Two girls in a Pakistan refugee camp each find one shoe. Lina and Feroza meet and decide to share the sandals. A friendship develops and they share details about why they have come to the camp. The text contains descriptions about life in the camp, such as waiting in long lines for water, washing clothes in the river and waiting at home while boys go to school. This is an important book that humanizes the experiences of children in refugee camps. Ages 6 and up.
PASSAGE TO FREEDOM: THE SUGIHARA STORY by Ken Mochizuki, illustrated by Dom Lee
This is an amazing, true story. The narrator is a boy whose father is the Japanese ambassador in Lithuania during World War II. One day, hundreds of Jewish refugees start showing up at the embassy asking for visas to Japan so they can escape the Nazis. They hope to get to Japan so they could move on to another country safely. Three times, the boy's father asks permission from Japan to issue the visas, and 3 times the answer is, "No." However, the father decides to do the right thing. I particularly like how the boy's father includes him in the events, saying, "My father always took the time to explain everything to me." The afterword by the author, describing what happened in later years, is fascinating. Ages 7 and up.
SUGAR IN MILK by Thrity Umrigar, illustrated by Khoa Le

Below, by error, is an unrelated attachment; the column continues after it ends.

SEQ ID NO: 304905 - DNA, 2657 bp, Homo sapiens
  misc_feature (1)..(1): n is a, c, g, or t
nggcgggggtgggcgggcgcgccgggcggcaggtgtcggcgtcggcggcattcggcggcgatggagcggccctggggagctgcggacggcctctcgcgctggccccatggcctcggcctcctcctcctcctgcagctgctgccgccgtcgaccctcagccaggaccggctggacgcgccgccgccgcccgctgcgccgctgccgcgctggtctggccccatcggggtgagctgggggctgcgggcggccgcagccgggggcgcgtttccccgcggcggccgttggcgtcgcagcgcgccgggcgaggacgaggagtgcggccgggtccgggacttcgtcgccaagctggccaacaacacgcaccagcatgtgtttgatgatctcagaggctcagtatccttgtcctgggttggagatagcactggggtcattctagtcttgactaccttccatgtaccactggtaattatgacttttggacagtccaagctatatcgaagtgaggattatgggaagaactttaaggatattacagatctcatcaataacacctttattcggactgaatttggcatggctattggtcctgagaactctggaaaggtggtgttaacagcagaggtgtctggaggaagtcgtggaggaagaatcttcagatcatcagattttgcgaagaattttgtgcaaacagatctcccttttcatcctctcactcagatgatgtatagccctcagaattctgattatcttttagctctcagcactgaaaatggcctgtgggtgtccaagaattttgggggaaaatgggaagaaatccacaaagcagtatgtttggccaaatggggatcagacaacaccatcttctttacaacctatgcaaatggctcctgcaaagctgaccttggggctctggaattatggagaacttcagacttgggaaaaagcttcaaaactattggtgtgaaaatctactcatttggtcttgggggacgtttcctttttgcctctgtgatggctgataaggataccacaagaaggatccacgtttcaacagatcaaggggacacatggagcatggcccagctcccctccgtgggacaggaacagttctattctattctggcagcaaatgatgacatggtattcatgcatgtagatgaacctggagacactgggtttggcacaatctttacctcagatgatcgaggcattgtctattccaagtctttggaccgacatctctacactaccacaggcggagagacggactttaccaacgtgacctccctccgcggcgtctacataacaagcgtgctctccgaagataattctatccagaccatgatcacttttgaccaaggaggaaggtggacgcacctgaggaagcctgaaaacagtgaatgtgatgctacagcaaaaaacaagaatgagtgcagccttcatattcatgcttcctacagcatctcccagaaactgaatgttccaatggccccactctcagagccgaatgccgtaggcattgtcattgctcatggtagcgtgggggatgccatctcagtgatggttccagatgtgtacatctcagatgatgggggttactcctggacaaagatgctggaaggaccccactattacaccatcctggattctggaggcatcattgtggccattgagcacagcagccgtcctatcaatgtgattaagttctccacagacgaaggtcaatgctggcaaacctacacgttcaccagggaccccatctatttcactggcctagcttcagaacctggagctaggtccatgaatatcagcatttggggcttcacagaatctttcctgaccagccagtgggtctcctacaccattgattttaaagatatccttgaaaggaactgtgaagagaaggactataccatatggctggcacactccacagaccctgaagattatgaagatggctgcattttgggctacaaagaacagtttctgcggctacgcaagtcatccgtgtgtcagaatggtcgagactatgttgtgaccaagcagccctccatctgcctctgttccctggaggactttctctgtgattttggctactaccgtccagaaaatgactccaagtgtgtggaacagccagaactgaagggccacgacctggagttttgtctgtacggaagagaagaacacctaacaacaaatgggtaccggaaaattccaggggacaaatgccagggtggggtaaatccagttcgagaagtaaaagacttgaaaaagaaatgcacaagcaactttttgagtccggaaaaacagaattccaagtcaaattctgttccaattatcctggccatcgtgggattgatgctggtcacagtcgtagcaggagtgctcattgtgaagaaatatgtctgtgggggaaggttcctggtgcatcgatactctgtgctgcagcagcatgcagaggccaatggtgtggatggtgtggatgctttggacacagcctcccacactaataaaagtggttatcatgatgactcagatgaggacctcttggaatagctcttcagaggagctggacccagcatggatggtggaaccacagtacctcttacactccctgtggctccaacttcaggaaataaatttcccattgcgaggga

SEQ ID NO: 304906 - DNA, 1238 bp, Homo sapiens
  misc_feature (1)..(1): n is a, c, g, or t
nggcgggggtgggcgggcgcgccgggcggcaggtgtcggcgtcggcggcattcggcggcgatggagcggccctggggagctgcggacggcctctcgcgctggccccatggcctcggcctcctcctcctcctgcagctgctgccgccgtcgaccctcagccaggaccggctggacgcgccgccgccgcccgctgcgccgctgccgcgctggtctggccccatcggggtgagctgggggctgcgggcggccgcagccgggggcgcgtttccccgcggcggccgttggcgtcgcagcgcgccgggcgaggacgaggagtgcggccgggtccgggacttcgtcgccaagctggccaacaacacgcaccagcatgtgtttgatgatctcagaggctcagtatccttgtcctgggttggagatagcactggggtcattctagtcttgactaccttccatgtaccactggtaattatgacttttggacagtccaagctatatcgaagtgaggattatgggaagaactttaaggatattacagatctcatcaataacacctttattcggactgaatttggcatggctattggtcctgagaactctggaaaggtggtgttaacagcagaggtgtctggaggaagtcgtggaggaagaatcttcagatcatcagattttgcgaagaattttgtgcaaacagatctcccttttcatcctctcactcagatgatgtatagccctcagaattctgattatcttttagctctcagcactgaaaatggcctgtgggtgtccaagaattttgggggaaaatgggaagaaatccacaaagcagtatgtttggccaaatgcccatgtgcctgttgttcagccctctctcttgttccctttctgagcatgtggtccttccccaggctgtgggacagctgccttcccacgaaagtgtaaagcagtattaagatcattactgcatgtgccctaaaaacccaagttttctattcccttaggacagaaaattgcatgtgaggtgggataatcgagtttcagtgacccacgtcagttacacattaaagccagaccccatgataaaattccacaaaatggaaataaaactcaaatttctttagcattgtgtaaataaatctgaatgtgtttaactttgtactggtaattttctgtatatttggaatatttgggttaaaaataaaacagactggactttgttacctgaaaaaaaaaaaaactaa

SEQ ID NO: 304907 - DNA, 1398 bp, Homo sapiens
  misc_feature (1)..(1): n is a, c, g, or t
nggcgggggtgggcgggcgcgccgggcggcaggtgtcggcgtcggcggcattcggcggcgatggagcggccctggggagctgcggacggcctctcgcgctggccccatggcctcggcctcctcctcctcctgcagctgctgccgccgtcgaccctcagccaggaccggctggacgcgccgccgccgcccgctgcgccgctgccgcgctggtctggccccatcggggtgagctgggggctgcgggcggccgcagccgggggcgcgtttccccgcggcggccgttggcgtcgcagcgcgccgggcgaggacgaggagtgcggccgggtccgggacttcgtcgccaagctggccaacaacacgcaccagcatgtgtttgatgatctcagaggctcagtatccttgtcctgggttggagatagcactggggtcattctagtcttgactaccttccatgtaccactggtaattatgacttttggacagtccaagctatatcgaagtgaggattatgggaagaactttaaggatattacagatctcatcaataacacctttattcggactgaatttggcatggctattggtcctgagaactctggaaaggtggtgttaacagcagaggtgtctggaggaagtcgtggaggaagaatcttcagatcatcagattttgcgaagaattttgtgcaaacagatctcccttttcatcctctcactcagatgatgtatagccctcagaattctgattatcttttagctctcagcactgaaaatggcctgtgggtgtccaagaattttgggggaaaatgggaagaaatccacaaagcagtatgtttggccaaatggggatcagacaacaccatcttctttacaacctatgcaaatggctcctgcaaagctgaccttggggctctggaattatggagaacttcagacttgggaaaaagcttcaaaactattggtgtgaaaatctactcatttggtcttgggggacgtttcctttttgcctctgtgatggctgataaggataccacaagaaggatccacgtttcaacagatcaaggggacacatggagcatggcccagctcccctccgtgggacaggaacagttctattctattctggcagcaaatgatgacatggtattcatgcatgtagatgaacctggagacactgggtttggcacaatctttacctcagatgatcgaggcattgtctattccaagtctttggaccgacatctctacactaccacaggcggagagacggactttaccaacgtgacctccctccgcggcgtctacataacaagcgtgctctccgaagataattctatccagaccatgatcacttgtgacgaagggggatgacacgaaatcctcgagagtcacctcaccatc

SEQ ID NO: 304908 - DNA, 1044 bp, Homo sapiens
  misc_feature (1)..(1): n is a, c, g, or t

This is a wonderful book to teach compassion and the value of diversity. A young girl is an immigrant in an unnamed country. She is homesick and feels out of place in her unfamiliar surroundings. She goes for a walk with her aunt, who tells her a folktale about refugees. The refugees came to a new land but the king refused to allow them to settle, pointing to a glass of milk as a metaphor for a land that was full. The refugees, however, placed sugar in the milk, communicating that adding something new will make the milk sweeter. I have always loved folktales and I was so delighted to find this picture book which demonstrates how important folktales are in passing down wisdom that still resonates with contemporary events. Ages 5 and up.
THE JOURNEY by Francecsa Sanna
I really like the illustrations in this picture book about a family that flees their home after it is destroyed and the father disappears. They travel in many different modes: car, boat, on foot, etc. Yes, it is an intense book, but a necessary one. It is an excellent book for building compassion for others in quite different situations than our own. The ending is uncertain, but not without hope -- a great teaching moment for your own kids. Ages 6 and up.
HOW I LEARNED GEOGRAPHY by Uri Shulevitz
This award winning book is based on Shulevitz's own experience as a refugee from Warsaw. In the story, a family escapes war, fleeing to Turkestan where they live in "houses made of clay, straw and camel dung..." One day father brings home a map instead of food for his hungry family. At first, the young boy resents the map, but the father helps his son use the map to travel around the world in his imagination. Shulevitz gives more information about his personal experiences as a refugee in an endnote. Ages 5 and up.